when the dust cleared

A Tale of Two Racks

It starts like this:

  • I installed a Specialized Pizza Rack and Pizza Bag on my bike last year.
  • The headlight mount on a client’s pizza rack broke.
  • Pizza Racks were out of stock for a loooooong time, so…
  • We put parts of my rack on the client’s bike.
  • I received parts of the client’s rack.

And so it was that I found myself with no place to mount my headlight. At the present time, second quarter of 2021, bikes and parts can be difficult to source. What I wanted was another Pizza Rack, but the out-of-stock nature of that item started this whole thing. After digging around for a while, I located and purchased a nifty Velo Orange Flat Pack Rack.

Installation. Well. There’s a big difference here. I’m pretty sure the Pizza Rack includes instructions, but I’m not sure why. There are five metal parts that go together pretty intuitively. True: the Pizza Rack requires that your fork has mounting eyelets about halfway up each fork blade. If you have that, you’ll have your Pizza Rack installed pretty quickly. If you don’t, well, the Pizza Rack is not for you.

The Flat Pack Rack is another story. Included is a piece of paper encouraging you to pull up this page of installation instructions. The Flat Pack Rack is pretty darn flexible, but it’s also fairly complicated. Tools that I needed for this installation that were not required for the Pizza Rack include: a hacksaw, a file, gas for the car to get to the hardware store, money for longer bolts and a bucket to contain all of the foul language. I kid, but the Flat Pack Rack is indeed a more complicated beast to install. Once the sawing, filing, fastening and swearing (again, just kidding) chores were over, the Flat Pack Rack felt every bit as sturdy as the Pizza Rack. It also, in my subjective and personal opinion, looked better.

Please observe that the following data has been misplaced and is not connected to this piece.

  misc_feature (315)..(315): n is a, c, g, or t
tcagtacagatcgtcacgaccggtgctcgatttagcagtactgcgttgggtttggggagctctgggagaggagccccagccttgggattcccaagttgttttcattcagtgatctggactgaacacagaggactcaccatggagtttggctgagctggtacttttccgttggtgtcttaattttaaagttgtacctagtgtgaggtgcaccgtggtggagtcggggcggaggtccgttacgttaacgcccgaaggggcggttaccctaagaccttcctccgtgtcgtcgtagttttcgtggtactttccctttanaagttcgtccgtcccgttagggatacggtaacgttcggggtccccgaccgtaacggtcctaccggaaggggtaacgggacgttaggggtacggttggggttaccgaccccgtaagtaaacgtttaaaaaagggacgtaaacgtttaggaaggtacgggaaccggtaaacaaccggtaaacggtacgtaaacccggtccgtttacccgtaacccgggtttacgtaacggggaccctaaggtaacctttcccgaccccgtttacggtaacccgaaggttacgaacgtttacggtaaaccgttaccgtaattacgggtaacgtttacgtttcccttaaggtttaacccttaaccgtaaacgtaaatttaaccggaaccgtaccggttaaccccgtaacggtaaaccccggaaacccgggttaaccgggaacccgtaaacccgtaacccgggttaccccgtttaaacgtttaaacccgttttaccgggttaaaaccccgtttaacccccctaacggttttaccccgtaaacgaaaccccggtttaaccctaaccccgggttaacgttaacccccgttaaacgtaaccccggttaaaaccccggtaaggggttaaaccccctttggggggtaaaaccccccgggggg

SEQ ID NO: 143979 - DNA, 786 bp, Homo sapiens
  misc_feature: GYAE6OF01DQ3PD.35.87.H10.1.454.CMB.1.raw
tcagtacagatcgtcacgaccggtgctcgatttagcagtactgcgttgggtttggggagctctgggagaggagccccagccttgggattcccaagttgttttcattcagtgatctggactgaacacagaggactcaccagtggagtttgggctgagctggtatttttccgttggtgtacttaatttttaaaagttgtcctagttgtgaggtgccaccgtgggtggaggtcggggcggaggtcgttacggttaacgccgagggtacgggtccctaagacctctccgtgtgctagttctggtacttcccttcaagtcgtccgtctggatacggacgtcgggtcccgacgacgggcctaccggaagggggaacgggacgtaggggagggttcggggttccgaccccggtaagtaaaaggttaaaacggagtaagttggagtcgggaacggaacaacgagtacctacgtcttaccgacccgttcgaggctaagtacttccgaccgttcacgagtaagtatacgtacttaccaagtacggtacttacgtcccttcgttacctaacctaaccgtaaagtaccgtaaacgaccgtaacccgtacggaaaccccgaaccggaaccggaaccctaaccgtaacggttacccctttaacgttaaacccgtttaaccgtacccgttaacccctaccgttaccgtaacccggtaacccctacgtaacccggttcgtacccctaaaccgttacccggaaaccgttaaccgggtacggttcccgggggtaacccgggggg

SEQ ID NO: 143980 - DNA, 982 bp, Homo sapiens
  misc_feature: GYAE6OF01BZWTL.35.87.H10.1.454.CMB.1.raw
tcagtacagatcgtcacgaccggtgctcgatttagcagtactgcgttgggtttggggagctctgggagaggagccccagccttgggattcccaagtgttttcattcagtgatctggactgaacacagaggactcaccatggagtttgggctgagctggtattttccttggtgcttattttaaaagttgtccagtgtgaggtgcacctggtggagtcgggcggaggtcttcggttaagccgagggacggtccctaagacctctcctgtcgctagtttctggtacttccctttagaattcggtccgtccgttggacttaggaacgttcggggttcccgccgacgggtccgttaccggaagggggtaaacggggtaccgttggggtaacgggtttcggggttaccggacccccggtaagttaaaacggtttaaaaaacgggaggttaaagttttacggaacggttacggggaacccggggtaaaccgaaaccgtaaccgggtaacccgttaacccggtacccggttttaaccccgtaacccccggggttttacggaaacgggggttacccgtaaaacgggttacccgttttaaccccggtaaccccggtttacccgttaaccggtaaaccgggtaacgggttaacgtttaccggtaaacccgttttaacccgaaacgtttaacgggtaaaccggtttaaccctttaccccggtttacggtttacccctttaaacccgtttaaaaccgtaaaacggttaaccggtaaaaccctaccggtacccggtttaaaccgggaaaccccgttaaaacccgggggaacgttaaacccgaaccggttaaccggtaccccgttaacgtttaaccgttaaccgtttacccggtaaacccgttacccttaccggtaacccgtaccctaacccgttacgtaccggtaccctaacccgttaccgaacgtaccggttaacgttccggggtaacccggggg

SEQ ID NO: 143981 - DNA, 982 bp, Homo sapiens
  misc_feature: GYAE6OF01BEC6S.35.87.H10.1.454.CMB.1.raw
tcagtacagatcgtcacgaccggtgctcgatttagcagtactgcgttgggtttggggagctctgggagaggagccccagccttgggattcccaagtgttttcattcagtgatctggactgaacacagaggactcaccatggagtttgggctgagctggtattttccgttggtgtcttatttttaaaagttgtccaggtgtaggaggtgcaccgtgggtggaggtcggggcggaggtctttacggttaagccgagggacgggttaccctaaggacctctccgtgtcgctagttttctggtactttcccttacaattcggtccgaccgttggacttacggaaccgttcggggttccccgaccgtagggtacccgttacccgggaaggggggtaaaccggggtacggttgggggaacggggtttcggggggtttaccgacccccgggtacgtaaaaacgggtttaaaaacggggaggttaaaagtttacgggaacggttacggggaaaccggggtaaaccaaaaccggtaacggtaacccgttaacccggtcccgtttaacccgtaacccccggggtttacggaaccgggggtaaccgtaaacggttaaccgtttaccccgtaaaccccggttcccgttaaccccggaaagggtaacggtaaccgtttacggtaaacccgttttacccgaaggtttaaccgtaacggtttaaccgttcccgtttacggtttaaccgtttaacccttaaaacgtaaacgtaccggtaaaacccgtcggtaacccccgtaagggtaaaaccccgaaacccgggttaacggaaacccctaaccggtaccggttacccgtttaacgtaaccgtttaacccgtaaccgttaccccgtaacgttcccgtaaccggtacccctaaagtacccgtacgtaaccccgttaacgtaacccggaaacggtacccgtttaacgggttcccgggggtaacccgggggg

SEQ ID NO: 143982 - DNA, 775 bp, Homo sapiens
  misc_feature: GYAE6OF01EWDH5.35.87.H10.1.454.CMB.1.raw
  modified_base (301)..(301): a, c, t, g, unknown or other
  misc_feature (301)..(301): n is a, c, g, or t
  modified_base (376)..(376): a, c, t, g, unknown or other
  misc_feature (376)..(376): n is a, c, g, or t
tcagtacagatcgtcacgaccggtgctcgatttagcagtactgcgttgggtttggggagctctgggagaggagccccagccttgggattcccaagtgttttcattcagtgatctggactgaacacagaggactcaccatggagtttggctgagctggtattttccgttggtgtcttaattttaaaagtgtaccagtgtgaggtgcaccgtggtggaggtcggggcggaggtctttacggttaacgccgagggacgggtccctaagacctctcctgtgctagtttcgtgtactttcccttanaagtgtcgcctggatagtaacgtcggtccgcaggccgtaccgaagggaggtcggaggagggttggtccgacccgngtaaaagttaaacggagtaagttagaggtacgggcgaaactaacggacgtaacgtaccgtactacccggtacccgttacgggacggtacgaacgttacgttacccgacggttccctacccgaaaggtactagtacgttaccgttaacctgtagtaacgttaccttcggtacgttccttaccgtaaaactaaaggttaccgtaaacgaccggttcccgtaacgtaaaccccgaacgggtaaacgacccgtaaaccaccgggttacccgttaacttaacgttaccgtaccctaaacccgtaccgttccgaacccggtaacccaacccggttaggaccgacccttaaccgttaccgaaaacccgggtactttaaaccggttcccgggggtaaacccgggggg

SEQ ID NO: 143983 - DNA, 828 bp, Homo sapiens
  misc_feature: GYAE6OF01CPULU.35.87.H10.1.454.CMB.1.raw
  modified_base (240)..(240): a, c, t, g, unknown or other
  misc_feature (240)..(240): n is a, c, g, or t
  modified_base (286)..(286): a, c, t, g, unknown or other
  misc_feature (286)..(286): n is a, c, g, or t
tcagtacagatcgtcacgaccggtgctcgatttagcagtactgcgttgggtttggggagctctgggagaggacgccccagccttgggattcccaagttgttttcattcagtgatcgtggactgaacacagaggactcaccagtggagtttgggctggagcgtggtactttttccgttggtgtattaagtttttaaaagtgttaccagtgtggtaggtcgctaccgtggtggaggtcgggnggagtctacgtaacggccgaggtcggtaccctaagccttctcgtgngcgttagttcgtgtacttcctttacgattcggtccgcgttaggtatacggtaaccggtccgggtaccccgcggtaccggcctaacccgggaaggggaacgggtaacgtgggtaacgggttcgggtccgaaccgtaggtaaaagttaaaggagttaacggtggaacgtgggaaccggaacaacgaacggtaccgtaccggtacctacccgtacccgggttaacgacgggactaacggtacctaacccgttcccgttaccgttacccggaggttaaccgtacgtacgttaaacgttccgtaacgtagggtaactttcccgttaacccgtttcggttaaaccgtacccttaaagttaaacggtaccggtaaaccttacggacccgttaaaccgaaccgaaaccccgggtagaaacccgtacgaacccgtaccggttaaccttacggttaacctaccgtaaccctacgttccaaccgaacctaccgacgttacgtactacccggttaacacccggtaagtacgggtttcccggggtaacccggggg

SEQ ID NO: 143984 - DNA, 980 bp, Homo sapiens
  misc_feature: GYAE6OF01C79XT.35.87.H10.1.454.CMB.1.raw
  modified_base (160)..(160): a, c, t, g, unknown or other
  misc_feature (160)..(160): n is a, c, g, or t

Anyway: Killer! I now have a rack on my bike. Uncool: the Pizza Bag doesn’t fit well. Like not well at all. Big sigh. Followed by more sighing. I thought about my fallback position, and decided that maybe a Wald basket with a bag inside might be pretty sweet. When I was about 15 minutes into bag research, fiscal responsibility shined down on me, and I thought, “Criminy! Have I not sunk enough money into this project already?” I had. So I put the pizza rack back together with the broken light mount, sawed off a piece of aluminum bar stock, drilled a few holes in it, grabbed a few zip ties and voila!, a Pizza Rack with a light mount. Cost: around 20 minutes.

This post started as a “look how I get myself into dumb situations and wander through possible solutions like a drunk” type of exercise. And perhaps it is. In the process I learned (maybe re-learned) a few things. Flexibility generally has a downside: complexity. I knew the Pizza Bag was designed for the Pizza Rack, yet it failed to dawn on me that it might not work with just any rack. I also just kinda pooped out as the scope (and budget) of the project expanded.


I gave the Flat Pack Rack to my coworker Sarah, who recently purchased a Kona Sutra. Believe it or not, she zip tied a Wald basket to the rack and purchased a sweet bag to fit therein. I believe this is where I would have ended up had I persevered with the Flat Pack Rack.

Sarah's bike with rack, basket and bag.

My coworker Kalyn has a Pizza Rack with a cool quick-release rando bag on there. It’s a very awesome setup, and they like it a lot.

Pizza Racks came back in stock as I typed this.